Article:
While students of all ages are currently making their way to the digital and physical seats in college classrooms, higher education – particularly undergraduate college – is defined by younger attendees. Fresh out of high school with decades of learning and living ahead of them, life insurance isn’t typically even a blip on a college student’s radar – but should it be?
Indeed, the life situations and needs of a 19 or 20-year-old are often significantly different than someone 40 or older, but that doesn’t mean there are not important overlaps to consider, such as:
Large debts have a stubborn way of sticking around, even if the original debt holder isn’t able to pay them. That means that a new, reliable vehicle financed to help ferry a college student to and from campus ends up as an expensive liability in the event a student can no longer pay their car note.
While college students may be living out of the dorms or renting a partial or full apartment in the short term, a car or truck can end up being a financially painful burden in an uncertain time. If the student carried an appropriate amount of life insurance, the remaining debt could be paid off and a liability transforms into a resource that may help in a trying time.
Unexpected situations, by definition, won’t wait for a convenient moment to strike. If a life insurance policy is needed mid-term, all the school debts associated with that semester (or even that year, depending on a college’s billing practices) may come due from an estate. That means considerations like tuition, room and board, books, equipment or lab rental, and more all need to be paid, regardless of how much they’ll go unused in the future.
If a college student is relying on a conditional grant or an on-campus work-study program to pay their debts as they go along, this is an especially important consideration. A college student’s life insurance policy takes the stress of the unknown out of settling a semester’s financial obligations.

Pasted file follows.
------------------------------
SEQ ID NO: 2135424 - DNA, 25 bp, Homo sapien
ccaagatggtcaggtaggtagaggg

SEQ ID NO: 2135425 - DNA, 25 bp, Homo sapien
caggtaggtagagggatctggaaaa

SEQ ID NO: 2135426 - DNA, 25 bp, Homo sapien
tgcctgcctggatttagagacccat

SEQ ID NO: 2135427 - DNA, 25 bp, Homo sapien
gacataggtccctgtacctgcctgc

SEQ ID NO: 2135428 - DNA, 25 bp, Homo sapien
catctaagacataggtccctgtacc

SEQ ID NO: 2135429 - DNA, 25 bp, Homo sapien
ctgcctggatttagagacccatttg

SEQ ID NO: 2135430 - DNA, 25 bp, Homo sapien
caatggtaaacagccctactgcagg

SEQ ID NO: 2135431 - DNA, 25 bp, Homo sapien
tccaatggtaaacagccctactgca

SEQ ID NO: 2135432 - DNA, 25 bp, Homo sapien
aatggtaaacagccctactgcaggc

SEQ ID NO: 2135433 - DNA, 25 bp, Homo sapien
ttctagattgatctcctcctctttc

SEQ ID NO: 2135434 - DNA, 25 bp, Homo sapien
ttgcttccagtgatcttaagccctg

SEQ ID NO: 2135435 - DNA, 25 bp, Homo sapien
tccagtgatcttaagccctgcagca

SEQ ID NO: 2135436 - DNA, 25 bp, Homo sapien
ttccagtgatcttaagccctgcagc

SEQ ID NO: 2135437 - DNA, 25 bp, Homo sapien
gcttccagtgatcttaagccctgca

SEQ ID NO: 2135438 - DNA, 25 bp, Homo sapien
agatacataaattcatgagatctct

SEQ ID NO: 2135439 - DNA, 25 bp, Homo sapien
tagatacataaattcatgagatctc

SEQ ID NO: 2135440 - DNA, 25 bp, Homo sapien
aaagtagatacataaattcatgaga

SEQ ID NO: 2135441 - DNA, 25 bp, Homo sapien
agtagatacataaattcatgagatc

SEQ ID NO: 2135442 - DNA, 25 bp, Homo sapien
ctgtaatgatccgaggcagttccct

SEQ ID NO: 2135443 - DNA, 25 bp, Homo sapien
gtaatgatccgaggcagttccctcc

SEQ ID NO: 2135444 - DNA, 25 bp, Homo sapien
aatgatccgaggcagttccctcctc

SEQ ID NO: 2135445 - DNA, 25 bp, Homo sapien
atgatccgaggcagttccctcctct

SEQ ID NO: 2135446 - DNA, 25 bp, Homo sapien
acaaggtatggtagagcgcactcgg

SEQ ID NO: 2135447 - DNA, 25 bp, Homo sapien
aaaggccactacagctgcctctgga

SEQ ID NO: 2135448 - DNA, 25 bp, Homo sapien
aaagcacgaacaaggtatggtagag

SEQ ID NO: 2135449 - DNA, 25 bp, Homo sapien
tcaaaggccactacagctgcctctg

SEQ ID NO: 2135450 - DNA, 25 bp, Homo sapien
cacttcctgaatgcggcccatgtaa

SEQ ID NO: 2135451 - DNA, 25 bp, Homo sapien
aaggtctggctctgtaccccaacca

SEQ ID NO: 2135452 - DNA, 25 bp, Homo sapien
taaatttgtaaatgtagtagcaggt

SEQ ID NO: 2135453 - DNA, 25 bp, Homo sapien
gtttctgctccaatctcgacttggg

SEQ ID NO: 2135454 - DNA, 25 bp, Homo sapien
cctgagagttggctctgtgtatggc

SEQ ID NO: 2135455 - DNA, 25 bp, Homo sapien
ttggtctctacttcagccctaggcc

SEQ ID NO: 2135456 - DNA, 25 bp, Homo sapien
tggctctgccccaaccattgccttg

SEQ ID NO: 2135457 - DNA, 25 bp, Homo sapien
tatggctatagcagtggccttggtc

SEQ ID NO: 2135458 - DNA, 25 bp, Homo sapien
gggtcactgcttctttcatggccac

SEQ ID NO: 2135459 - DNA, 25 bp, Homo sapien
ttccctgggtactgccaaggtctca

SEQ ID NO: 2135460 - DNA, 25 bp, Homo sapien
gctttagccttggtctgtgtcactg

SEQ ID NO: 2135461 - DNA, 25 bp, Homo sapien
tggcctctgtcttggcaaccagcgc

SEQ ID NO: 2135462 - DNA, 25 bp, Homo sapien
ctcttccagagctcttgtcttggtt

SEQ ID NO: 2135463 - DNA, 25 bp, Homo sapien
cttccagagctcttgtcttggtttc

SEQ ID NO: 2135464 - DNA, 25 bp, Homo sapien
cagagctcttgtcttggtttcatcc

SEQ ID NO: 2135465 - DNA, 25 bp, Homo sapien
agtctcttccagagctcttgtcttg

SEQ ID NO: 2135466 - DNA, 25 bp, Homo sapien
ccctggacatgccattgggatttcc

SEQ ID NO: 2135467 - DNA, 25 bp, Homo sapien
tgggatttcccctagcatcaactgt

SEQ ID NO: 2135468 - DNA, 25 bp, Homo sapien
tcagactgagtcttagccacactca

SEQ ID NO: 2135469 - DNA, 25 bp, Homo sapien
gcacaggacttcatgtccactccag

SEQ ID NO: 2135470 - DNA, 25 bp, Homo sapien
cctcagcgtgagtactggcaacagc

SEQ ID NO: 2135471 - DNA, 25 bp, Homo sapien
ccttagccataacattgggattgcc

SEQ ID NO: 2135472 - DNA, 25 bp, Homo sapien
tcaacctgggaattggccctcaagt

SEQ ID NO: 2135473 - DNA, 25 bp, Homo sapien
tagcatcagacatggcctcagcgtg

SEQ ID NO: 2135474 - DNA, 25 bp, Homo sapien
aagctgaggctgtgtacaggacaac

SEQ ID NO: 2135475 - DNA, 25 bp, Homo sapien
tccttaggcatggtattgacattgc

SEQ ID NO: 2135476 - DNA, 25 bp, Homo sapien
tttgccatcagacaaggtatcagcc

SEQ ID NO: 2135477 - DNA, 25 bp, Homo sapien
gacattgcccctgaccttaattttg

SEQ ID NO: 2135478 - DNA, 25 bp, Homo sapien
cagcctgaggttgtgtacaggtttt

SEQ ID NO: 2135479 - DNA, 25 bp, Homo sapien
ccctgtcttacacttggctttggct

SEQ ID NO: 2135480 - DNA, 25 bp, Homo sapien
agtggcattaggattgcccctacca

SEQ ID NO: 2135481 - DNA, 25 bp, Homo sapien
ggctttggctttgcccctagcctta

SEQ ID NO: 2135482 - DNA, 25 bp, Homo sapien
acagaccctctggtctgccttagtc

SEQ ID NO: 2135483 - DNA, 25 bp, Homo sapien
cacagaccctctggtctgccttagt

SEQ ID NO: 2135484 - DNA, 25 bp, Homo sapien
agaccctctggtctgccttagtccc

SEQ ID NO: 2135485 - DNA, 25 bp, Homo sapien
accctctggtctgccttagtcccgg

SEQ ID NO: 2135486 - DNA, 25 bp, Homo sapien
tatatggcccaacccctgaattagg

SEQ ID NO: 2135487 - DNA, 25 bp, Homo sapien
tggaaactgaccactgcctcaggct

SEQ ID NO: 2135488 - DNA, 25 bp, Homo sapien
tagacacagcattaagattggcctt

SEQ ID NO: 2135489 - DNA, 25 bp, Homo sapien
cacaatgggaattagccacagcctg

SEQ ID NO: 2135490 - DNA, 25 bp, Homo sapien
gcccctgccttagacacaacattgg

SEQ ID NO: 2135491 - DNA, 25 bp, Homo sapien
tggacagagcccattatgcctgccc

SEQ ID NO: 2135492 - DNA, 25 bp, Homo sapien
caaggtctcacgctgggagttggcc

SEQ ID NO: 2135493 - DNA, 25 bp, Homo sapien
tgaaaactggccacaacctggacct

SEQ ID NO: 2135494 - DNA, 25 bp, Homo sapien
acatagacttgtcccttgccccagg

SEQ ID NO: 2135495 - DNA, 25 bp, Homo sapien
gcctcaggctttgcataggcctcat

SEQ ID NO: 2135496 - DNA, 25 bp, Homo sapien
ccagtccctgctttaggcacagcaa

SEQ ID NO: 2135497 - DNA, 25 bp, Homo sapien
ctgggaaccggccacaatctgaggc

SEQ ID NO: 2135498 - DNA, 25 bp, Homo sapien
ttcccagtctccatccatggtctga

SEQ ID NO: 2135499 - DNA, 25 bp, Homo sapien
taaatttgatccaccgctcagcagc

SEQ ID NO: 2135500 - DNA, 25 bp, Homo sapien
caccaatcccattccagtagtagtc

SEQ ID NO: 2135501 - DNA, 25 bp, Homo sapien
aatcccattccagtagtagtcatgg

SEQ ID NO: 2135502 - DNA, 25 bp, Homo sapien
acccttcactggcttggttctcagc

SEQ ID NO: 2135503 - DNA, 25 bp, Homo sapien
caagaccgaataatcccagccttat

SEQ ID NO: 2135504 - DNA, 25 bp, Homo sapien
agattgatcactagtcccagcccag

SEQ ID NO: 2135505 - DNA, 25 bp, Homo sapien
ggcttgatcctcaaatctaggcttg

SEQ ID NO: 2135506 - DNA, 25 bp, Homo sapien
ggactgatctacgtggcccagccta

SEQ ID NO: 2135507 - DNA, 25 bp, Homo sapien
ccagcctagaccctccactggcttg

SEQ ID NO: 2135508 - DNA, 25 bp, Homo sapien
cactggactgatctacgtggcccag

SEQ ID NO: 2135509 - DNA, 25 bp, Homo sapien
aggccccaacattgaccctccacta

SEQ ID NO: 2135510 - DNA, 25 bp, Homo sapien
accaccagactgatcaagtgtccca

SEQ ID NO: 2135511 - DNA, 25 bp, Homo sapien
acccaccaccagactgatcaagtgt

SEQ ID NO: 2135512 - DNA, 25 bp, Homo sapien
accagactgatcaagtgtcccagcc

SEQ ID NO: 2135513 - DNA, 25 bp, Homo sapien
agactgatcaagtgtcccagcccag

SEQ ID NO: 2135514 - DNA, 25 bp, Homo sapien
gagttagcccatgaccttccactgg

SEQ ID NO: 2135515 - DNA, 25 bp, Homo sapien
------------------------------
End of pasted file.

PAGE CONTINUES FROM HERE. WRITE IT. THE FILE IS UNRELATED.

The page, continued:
It’s not unusual for groups of college students to rent a home or apartment together for school, or for college student couples to do the same as they start their lives together. With so much time and energy devoted to studies, the types of jobs that college students typically have are generally more of a hand-to-mouth variety than positions with generous pay.
The loss of even partial income can be devastating if it occurs without warning, which is why a life insurance policy for college students can be a genuine lifesaver for those they care about. Partners, friends and family can be financially provided for in nearly every life scenario – plausible and improbable alike with a bit of forethought.
If you’re looking to lock in financial security for yourself as you attend higher education, or to secure that stability for a student in your family, consider buying a term life policy for college students. It’s one less worry at one of the most stressful periods in an academic lifetime, after all.
Source: SafeCo Agents
Think you’re a good driver? No matter how safe you are behind the wheel, you’ve probably done things like:
If so, you may not have even realized you were doing everything wrong. After all, most everybody has a bad driving habit or two. But, most everybody doesn’t have to pay for your auto repairs. You do.
So, take a look at these seven driving habits that are bad for your car and learn why you should avoid them. It may be time to change the way you drive!
Even if you don’t do anything on this list, you’re still not out of the woods. (But you’re probably closer than most of us.) Keep your ears and eyes open for strange noises, warning lights or anything out of the ordinary — and don’t ignore them. Inspect the issue, or get your car to a mechanic, before it becomes a bigger problem.
Reposted with permission from the original author, Safeco Insurance®.
Top image by Flickr user Elliott P. used under Creative Commons Attribution 2.0 Generic license. Image cropped and modified from original.
Source: SafeCo Agents
Summer is here and people are flocking to the water — whether it’s the beach, a lake, a river or a backyard pool. But, wherever there’s water, there’s also danger.
According to the U.S. Centers for Disease Control and Prevention, about 10 people drown every day — and two of those are children 14 or younger. Even seasoned swimmers can find themselves in dangerous situations, so brush up on these basic safety tips before your first – or next – swim:
Swimming Safety Tips
If you happen to have a pool on your property (lucky you), you have even more responsibilities. Your pool should be completely surrounded by a locking fence, at least 4 feet tall, and all pools and spas should have compliant drain covers. Keep life-saving equipment, such as life rings and poles, within easy reach. If you have a small kiddie or wading pool, be sure to empty it after each use. A baby can drown in just 1 inch of water.
Summer fun in and around the water is for people of all ages — just keep in mind that some people need more supervision than others, and everyone needs to keep safety in mind at all times. Happy splashing!